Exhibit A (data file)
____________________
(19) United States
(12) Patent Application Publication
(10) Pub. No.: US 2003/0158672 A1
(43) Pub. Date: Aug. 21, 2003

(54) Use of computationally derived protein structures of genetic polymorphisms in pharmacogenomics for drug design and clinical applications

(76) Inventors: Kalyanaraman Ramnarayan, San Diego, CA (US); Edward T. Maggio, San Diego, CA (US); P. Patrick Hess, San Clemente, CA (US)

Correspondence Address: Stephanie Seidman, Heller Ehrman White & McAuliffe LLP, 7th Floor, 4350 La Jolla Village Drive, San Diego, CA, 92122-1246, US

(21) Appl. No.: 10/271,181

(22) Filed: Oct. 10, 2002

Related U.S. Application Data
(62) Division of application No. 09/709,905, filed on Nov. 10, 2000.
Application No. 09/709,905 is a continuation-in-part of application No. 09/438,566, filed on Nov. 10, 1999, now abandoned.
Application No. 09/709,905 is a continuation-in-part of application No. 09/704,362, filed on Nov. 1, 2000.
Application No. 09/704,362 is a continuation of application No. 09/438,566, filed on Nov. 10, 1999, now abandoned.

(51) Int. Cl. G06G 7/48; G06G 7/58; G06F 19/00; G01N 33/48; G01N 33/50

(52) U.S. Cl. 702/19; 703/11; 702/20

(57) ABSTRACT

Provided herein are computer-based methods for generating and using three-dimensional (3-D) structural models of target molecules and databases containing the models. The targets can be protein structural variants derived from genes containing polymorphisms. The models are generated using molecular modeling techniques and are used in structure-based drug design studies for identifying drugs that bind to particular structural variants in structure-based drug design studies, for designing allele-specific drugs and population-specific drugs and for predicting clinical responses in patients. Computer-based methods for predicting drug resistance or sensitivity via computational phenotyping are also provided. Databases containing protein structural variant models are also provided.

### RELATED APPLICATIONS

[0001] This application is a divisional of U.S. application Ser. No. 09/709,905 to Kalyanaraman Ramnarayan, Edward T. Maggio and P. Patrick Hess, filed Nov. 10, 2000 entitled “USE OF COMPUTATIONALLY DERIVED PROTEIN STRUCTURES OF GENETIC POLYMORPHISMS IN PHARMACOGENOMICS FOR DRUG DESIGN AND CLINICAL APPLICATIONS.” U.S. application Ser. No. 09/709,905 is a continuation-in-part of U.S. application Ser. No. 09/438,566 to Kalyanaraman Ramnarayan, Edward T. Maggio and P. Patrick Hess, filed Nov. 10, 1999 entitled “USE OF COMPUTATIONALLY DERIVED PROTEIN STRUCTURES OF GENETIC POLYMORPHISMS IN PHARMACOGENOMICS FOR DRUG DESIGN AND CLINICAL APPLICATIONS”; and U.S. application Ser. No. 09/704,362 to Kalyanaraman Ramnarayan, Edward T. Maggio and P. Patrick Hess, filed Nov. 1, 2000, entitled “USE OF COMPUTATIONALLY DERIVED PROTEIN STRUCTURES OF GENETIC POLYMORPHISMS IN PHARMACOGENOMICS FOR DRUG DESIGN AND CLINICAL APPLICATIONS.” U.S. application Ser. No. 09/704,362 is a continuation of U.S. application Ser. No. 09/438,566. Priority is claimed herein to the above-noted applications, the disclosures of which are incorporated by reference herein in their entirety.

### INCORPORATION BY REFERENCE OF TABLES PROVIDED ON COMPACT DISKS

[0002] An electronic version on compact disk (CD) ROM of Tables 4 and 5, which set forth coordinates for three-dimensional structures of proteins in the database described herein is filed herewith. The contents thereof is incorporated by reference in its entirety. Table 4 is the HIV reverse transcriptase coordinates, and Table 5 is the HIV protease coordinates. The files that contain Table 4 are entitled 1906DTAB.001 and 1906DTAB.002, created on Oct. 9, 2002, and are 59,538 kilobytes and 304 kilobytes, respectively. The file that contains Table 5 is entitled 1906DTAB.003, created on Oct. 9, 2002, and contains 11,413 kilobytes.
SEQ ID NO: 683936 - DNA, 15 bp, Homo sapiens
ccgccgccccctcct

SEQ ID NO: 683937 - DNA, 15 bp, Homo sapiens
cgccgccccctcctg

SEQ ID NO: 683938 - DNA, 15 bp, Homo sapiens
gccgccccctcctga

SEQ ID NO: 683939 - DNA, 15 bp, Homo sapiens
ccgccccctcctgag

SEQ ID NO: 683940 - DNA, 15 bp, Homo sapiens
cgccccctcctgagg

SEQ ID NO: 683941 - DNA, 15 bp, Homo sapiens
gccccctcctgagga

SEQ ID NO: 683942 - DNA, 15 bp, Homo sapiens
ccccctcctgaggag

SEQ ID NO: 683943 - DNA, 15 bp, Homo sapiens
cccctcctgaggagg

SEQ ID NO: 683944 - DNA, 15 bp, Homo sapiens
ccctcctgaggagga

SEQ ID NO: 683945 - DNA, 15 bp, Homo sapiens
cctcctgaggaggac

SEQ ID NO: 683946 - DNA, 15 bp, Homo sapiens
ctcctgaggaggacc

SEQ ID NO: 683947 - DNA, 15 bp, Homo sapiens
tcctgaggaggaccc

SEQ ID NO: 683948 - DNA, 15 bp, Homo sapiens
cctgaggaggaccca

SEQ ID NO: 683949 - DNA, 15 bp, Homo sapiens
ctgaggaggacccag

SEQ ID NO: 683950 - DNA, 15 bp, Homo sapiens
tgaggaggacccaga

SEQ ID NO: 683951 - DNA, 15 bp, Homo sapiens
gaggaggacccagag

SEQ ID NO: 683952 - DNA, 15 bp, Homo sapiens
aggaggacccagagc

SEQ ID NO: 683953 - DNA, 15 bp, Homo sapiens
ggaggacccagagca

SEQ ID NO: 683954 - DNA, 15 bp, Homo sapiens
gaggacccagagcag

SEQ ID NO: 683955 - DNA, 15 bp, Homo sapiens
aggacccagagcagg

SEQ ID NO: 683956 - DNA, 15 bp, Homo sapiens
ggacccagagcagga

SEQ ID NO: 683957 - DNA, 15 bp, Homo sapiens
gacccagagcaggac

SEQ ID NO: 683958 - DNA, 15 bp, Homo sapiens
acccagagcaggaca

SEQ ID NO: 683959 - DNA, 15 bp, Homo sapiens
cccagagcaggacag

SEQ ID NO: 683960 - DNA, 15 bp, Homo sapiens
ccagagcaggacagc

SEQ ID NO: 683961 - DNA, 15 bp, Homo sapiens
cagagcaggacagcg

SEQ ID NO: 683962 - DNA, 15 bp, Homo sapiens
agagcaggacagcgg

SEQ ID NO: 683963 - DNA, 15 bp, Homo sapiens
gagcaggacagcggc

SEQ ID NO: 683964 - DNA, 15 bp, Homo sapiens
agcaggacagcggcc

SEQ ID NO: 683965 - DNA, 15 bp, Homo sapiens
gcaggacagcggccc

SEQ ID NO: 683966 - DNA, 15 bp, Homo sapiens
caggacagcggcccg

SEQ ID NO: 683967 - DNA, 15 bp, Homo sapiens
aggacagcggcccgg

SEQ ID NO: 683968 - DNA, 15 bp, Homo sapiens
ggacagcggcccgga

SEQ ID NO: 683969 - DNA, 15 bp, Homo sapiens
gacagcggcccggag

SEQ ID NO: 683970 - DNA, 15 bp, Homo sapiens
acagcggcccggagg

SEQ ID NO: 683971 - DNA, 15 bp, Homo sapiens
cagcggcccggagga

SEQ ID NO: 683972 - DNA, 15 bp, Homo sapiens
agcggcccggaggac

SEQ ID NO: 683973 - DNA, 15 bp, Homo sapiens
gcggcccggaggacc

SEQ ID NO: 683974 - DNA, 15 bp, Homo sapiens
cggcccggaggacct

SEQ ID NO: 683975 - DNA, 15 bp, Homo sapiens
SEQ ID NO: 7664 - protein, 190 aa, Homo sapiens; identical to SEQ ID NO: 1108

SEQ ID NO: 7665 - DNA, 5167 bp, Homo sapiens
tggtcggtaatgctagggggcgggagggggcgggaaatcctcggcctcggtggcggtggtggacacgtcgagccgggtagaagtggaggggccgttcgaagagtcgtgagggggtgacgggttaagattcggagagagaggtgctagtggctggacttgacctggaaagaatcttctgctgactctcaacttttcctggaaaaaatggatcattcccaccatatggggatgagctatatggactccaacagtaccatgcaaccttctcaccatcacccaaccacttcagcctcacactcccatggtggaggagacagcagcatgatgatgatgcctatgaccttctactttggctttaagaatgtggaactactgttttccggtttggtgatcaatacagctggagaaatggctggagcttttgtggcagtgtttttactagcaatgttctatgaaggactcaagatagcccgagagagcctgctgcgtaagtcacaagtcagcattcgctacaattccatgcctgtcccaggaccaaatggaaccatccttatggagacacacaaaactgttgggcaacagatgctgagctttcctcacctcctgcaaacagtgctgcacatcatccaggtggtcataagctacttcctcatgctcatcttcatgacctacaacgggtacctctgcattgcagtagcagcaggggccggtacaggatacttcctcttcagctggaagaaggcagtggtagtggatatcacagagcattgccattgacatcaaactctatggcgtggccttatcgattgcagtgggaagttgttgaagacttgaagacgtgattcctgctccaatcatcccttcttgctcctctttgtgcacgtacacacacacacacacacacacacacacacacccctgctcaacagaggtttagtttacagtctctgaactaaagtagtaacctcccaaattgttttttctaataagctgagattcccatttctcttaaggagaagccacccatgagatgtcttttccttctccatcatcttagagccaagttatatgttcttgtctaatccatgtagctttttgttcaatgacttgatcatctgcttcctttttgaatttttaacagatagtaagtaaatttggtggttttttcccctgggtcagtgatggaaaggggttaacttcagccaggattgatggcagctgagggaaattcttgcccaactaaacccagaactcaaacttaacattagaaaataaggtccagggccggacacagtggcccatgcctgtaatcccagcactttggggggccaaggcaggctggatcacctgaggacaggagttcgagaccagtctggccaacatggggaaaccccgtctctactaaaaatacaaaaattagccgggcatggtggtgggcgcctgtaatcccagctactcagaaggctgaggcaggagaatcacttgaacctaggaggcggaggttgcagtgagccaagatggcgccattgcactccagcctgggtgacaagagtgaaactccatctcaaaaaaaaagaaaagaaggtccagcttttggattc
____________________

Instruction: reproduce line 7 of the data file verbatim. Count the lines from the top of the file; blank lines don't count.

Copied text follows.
Correspondence Address: Stephanie Seidman, Heller Ehrman White & McAuliffe LLP, 7th Floor, 4350 La Jolla Village Drive, San Diego, CA, 92122-1246, US